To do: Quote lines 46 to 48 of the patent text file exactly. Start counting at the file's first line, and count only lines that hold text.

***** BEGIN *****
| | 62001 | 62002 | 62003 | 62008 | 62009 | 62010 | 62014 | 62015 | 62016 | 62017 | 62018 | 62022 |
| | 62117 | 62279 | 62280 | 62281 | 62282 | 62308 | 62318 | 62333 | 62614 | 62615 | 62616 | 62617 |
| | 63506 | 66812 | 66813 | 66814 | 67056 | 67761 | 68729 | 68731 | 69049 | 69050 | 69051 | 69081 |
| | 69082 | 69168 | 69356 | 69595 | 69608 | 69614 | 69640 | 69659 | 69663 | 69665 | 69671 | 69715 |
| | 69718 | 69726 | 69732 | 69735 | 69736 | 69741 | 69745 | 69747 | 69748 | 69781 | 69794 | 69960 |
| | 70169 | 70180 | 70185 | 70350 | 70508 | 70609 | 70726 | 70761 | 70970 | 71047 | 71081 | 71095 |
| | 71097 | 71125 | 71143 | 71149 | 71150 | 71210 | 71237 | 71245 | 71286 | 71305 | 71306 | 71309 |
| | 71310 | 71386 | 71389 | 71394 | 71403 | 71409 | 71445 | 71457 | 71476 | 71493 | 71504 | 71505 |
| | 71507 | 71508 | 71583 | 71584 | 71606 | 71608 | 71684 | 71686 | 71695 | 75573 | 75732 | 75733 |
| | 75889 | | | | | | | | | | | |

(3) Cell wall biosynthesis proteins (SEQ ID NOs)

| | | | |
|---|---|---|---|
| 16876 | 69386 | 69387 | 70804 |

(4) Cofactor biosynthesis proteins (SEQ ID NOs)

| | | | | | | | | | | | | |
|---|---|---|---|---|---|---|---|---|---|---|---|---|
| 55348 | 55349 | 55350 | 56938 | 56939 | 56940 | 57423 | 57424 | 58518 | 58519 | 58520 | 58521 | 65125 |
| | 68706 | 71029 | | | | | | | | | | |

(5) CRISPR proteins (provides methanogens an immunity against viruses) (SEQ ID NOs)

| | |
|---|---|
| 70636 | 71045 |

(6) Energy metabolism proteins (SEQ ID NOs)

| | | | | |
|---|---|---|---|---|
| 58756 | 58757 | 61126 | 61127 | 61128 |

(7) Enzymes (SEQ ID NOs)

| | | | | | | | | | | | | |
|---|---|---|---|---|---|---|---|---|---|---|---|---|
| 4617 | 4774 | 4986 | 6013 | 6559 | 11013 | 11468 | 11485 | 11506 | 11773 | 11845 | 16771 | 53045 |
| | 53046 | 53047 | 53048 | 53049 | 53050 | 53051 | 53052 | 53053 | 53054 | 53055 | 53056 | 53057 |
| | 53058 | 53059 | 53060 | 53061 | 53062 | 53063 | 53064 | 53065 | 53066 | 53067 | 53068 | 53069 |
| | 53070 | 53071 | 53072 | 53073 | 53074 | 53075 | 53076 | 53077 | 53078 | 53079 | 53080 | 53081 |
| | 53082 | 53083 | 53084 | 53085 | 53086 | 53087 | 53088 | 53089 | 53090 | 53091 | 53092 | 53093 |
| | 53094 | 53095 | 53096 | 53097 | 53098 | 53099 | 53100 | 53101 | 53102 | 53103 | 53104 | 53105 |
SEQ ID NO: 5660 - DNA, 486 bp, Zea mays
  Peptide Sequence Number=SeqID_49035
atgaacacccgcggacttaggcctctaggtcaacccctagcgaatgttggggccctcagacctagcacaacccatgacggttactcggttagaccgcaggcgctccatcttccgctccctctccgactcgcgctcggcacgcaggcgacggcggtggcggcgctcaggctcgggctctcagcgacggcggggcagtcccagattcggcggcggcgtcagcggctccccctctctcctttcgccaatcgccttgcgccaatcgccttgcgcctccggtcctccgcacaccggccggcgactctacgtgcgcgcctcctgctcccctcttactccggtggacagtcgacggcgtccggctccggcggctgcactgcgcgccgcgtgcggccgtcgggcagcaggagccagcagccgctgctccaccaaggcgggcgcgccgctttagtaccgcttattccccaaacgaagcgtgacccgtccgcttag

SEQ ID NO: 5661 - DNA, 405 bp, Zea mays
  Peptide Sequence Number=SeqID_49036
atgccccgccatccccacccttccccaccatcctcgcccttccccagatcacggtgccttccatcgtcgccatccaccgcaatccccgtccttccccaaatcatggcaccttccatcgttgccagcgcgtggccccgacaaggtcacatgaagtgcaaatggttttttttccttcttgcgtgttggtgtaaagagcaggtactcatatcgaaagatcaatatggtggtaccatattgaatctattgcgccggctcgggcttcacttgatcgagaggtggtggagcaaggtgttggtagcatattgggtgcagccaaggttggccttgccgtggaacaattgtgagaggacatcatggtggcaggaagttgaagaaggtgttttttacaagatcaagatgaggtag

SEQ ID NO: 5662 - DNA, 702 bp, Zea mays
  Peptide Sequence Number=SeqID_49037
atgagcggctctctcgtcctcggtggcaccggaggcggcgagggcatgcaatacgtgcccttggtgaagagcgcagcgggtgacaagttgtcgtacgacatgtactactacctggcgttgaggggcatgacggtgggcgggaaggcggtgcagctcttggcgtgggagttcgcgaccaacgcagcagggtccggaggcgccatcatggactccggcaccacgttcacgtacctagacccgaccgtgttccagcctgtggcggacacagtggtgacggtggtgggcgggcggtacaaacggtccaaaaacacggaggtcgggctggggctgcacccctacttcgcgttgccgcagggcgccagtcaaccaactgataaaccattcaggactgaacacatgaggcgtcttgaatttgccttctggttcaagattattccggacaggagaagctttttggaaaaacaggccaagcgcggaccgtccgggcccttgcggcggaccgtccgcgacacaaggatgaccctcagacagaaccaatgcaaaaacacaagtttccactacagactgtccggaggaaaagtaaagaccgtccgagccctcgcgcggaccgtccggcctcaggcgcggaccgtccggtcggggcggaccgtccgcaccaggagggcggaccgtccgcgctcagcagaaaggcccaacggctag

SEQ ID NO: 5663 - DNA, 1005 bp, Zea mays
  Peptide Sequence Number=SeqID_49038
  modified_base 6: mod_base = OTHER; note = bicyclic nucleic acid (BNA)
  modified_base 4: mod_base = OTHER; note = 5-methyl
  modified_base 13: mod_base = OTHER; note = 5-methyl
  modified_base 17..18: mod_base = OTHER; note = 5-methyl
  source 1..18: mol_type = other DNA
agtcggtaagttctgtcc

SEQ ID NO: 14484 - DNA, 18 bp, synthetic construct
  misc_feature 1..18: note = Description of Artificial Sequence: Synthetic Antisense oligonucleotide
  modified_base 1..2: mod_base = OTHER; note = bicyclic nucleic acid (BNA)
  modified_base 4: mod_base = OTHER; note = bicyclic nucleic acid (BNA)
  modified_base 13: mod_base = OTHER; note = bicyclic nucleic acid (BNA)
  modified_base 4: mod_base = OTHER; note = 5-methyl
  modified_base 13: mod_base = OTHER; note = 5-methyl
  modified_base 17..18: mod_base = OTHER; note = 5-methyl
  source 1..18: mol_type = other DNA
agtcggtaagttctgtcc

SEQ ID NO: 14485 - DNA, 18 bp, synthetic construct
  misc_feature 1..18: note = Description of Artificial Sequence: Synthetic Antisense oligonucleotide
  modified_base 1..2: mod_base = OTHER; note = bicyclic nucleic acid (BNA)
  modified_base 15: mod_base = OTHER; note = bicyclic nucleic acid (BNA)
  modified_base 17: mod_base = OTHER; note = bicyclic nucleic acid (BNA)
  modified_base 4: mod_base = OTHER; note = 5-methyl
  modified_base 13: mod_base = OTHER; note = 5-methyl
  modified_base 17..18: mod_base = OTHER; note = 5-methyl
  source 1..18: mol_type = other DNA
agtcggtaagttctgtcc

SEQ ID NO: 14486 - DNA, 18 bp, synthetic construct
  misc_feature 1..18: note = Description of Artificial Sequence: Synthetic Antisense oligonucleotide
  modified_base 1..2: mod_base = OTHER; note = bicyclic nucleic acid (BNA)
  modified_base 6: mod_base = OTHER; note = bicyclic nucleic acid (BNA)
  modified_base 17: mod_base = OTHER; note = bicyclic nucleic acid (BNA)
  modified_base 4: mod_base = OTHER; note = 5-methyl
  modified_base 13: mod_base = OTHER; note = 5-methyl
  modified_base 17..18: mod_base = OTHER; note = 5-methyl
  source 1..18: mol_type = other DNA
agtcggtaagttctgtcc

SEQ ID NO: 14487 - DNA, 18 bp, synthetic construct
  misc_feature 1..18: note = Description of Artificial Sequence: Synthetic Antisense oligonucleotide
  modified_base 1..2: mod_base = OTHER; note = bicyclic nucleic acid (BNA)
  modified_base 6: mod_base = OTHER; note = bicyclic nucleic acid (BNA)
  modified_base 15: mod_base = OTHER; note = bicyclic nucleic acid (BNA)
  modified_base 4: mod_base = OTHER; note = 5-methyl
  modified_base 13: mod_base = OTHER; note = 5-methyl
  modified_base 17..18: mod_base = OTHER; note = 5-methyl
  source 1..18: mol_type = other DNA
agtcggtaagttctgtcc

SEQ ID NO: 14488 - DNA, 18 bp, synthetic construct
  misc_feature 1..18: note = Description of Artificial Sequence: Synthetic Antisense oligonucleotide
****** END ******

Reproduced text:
SEQ ID NO: 5663 - DNA, 1005 bp, Zea mays
  Peptide Sequence Number=SeqID_49038
  modified_base 6: mod_base = OTHER; note = bicyclic nucleic acid (BNA)